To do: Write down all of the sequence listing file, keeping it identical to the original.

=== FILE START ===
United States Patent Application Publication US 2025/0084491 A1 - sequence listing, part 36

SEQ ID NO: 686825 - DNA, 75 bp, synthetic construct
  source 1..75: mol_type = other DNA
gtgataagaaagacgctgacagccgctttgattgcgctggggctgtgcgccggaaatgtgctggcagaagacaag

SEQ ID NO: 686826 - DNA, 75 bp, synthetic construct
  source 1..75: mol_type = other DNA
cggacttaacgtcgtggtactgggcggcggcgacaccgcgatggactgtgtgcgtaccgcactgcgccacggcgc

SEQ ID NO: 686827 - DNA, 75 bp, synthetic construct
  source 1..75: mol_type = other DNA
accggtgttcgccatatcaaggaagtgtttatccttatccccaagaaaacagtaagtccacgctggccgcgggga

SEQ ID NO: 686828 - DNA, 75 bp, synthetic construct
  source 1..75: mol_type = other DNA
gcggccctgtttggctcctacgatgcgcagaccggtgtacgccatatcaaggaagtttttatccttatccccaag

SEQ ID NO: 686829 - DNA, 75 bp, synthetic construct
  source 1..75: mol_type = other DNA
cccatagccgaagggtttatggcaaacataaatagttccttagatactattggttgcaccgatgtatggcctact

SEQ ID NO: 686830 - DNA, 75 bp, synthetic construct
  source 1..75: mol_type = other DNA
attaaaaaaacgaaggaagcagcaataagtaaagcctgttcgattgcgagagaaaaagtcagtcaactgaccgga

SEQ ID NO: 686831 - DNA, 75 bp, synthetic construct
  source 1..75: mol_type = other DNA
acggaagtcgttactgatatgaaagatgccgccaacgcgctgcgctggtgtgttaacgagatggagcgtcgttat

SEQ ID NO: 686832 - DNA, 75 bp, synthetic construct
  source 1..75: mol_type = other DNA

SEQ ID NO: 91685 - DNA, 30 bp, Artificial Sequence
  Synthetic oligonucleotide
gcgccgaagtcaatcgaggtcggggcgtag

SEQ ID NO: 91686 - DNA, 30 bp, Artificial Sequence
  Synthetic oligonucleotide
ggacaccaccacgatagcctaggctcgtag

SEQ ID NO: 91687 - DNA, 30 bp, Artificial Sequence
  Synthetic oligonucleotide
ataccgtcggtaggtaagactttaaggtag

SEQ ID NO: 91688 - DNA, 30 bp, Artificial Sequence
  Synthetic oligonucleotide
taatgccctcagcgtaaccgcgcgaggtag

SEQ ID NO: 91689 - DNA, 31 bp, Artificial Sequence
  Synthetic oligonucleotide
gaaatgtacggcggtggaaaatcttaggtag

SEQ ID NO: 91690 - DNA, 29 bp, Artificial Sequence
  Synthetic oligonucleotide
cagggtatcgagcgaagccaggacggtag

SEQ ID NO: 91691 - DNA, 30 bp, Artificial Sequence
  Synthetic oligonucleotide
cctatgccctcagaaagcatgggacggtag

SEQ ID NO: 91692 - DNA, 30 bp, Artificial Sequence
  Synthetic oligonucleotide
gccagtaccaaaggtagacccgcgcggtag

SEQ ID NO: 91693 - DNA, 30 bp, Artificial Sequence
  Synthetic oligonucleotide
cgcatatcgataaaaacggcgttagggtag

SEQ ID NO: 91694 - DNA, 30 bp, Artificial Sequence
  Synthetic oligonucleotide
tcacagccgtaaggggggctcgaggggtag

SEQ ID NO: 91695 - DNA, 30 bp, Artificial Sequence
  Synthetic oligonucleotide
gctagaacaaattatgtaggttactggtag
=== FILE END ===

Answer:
United States Patent Application Publication US 2025/0084491 A1 - sequence listing, part 36

SEQ ID NO: 686825 - DNA, 75 bp, synthetic construct
  source 1..75: mol_type = other DNA
gtgataagaaagacgctgacagccgctttgattgcgctggggctgtgcgccggaaatgtgctggcagaagacaag

SEQ ID NO: 686826 - DNA, 75 bp, synthetic construct
  source 1..75: mol_type = other DNA
cggacttaacgtcgtggtactgggcggcggcgacaccgcgatggactgtgtgcgtaccgcactgcgccacggcgc

SEQ ID NO: 686827 - DNA, 75 bp, synthetic construct
  source 1..75: mol_type = other DNA
accggtgttcgccatatcaaggaagtgtttatccttatccccaagaaaacagtaagtccacgctggccgcgggga

SEQ ID NO: 686828 - DNA, 75 bp, synthetic construct
  source 1..75: mol_type = other DNA
gcggccctgtttggctcctacgatgcgcagaccggtgtacgccatatcaaggaagtttttatccttatccccaag

SEQ ID NO: 686829 - DNA, 75 bp, synthetic construct
  source 1..75: mol_type = other DNA
cccatagccgaagggtttatggcaaacataaatagttccttagatactattggttgcaccgatgtatggcctact

SEQ ID NO: 686830 - DNA, 75 bp, synthetic construct
  source 1..75: mol_type = other DNA
attaaaaaaacgaaggaagcagcaataagtaaagcctgttcgattgcgagagaaaaagtcagtcaactgaccgga

SEQ ID NO: 686831 - DNA, 75 bp, synthetic construct
  source 1..75: mol_type = other DNA
acggaagtcgttactgatatgaaagatgccgccaacgcgctgcgctggtgtgttaacgagatggagcgtcgttat

SEQ ID NO: 686832 - DNA, 75 bp, synthetic construct
  source 1..75: mol_type = other DNA

SEQ ID NO: 91685 - DNA, 30 bp, Artificial Sequence
  Synthetic oligonucleotide
gcgccgaagtcaatcgaggtcggggcgtag

SEQ ID NO: 91686 - DNA, 30 bp, Artificial Sequence
  Synthetic oligonucleotide
ggacaccaccacgatagcctaggctcgtag

SEQ ID NO: 91687 - DNA, 30 bp, Artificial Sequence
  Synthetic oligonucleotide
ataccgtcggtaggtaagactttaaggtag

SEQ ID NO: 91688 - DNA, 30 bp, Artificial Sequence
  Synthetic oligonucleotide
taatgccctcagcgtaaccgcgcgaggtag

SEQ ID NO: 91689 - DNA, 31 bp, Artificial Sequence
  Synthetic oligonucleotide
gaaatgtacggcggtggaaaatcttaggtag

SEQ ID NO: 91690 - DNA, 29 bp, Artificial Sequence
  Synthetic oligonucleotide
cagggtatcgagcgaagccaggacggtag

SEQ ID NO: 91691 - DNA, 30 bp, Artificial Sequence
  Synthetic oligonucleotide
cctatgccctcagaaagcatgggacggtag

SEQ ID NO: 91692 - DNA, 30 bp, Artificial Sequence
  Synthetic oligonucleotide
gccagtaccaaaggtagacccgcgcggtag

SEQ ID NO: 91693 - DNA, 30 bp, Artificial Sequence
  Synthetic oligonucleotide
cgcatatcgataaaaacggcgttagggtag

SEQ ID NO: 91694 - DNA, 30 bp, Artificial Sequence
  Synthetic oligonucleotide
tcacagccgtaaggggggctcgaggggtag

SEQ ID NO: 91695 - DNA, 30 bp, Artificial Sequence
  Synthetic oligonucleotide
gctagaacaaattatgtaggttactggtag